Our website and # are the same.

Thank you to Lorrie, Joseph, Jeff, Jimmy and everyone else at the 2911 for being great friends and wonderful business coaches!



My sister-in-law, Jojo sent me a link to this great blog “Inside the Loop” . She figured I would enjoy the Japanese Ikebana arrangements… and she was right. It made me think about some of the arrangements that I have done in the past, mostly with succulents. Succulents are SO easy, and the fact that most require very little water and can handle filtered sun makes them perfect for office windows, indoor table-tops, and really anywhere else. A great idea: keep one arrangement outdoors in elements, and the other in your favorite spot indoors.

Using simple pots in basic shapes ensures that the pot will compliment, not compete, with the plant scheme. Depending on the plant choice, I like to either plant en masse or take two or three varieties and place them according to growth pattern. This is where it helps to know how the plants will grow. If you are using succulents, check out this website (www.plugconnection.com) for comprehensive growth information on several different succulent varities. If grasses are more your style, stick with the festucas or mondo grasses (ophiopogon japonicus). If the container is large enough, Mexican Feather Grass (Stipa) or any of the pennisetum varieties make great specimens surrounded by creepers like trailing rosemary, Tradscantia, or Ipoemia.(Potatoe vine).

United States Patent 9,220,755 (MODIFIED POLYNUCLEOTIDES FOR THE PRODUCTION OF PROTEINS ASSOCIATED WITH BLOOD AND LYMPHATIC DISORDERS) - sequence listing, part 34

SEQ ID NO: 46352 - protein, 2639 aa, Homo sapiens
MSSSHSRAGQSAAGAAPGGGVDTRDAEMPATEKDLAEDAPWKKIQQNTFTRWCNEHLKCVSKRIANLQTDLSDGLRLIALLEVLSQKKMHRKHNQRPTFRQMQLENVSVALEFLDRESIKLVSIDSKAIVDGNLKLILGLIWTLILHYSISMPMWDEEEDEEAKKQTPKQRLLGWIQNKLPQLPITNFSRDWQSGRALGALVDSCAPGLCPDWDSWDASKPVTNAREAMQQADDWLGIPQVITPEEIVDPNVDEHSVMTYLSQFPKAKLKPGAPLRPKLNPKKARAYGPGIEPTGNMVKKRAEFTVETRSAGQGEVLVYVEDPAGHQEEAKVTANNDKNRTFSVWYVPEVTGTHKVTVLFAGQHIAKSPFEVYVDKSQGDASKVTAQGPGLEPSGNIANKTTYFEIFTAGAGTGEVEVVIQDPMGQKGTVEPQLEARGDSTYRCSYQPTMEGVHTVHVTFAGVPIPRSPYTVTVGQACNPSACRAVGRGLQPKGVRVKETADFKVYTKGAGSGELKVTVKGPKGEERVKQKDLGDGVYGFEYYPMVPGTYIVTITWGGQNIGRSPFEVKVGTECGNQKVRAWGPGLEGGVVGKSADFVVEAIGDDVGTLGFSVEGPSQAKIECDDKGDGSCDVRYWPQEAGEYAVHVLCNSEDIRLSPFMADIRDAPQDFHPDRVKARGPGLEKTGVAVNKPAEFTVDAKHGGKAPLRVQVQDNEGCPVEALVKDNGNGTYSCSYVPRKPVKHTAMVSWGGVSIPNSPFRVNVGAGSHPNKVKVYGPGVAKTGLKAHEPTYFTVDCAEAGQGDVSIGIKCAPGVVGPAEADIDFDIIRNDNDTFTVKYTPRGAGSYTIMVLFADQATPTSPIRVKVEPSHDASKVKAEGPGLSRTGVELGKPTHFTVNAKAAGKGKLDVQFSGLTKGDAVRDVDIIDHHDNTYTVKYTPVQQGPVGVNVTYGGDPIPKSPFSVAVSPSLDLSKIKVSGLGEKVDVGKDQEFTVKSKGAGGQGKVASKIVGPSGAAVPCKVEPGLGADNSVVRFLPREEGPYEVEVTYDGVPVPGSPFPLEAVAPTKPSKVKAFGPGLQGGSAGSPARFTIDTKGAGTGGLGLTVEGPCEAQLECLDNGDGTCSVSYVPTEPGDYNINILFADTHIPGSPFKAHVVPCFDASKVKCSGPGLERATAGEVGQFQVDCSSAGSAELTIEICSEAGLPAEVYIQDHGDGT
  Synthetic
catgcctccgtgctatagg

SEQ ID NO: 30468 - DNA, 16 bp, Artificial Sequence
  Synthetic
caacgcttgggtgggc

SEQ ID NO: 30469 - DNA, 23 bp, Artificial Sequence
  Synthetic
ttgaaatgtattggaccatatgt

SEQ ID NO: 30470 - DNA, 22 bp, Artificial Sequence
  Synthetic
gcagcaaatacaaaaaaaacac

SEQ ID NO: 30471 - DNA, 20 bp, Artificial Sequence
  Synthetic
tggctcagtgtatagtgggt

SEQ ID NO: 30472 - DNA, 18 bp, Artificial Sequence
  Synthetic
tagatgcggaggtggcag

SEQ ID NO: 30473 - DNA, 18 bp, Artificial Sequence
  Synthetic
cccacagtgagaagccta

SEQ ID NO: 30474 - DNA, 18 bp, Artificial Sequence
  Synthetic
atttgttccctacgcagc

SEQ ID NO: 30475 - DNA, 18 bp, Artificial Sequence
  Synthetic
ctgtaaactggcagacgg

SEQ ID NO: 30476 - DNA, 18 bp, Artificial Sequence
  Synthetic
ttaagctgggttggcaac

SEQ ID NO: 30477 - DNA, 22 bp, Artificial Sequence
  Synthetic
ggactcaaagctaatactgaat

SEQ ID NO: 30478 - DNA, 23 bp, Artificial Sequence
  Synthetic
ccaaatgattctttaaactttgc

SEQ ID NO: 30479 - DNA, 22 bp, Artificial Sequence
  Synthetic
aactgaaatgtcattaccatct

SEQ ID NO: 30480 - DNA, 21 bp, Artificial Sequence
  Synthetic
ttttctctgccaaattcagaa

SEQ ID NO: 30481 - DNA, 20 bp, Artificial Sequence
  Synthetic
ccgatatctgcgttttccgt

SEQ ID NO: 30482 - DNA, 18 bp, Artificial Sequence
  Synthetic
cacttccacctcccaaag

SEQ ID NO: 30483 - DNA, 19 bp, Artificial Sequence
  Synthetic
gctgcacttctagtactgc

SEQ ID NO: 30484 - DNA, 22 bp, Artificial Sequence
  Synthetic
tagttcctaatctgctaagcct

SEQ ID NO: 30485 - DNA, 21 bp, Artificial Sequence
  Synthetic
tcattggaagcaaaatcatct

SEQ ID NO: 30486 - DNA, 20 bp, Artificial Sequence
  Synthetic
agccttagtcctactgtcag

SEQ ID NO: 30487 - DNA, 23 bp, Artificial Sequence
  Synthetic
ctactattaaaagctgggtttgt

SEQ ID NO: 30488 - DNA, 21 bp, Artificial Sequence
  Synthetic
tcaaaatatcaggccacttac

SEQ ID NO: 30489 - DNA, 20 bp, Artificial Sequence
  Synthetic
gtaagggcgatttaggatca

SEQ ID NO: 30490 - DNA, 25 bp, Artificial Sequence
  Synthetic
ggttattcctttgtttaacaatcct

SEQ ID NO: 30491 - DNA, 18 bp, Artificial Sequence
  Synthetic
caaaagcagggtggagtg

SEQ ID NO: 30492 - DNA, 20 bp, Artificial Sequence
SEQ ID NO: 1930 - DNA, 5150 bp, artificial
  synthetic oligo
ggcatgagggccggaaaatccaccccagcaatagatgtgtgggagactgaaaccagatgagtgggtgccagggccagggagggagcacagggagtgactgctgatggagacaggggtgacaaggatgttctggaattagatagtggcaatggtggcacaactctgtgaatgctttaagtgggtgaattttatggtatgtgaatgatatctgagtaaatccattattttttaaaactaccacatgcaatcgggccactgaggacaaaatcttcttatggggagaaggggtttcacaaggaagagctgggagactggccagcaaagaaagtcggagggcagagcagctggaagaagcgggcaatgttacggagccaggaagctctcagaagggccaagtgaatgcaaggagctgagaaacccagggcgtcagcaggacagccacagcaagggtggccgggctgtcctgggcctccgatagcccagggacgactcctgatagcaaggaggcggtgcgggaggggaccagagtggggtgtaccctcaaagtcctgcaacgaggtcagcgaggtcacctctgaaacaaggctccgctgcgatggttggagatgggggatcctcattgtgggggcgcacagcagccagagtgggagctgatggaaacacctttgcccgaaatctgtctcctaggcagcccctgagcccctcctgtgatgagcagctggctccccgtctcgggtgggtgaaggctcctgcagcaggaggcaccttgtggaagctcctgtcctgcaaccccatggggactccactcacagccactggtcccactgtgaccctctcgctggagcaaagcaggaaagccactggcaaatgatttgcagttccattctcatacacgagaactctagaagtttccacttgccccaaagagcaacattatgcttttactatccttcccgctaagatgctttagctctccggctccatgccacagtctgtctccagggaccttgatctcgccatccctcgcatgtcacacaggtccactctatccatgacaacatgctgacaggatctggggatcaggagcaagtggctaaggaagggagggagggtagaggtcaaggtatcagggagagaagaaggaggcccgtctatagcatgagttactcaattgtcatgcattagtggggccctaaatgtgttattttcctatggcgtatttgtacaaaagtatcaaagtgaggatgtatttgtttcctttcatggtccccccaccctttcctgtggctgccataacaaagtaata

I like to dress the pots with decorative gravel, sand, or glass. Wood bark is too messy and degrades over time. I also prefer to use concrete, terrazzo, glazed ceramic, or fiber-cement containers. Terra Cotta pots are cheap and can be planted up and placed in a more-expensive container and top-dressed. This is especially useful if your using a container that doesn’t hold up to the elements, like Zinc or wood.

I especially love the tray planters that we manufacture and sell. They are created with either stainless steel or weathered and lacquered steel. I use bromeliads, succulents, Air plants, orchids, and whatever else is lying around that needs a home. They are called trayscapes and come in three sizes T1, T2, and T3

They are available for purchase at Mixture in Little Italy and Grounded in Encinitas. Custom arrangements and commissioned pieces available upon request.

T1 with bromeliad, and succulents

T1 with bromeliad, and succulents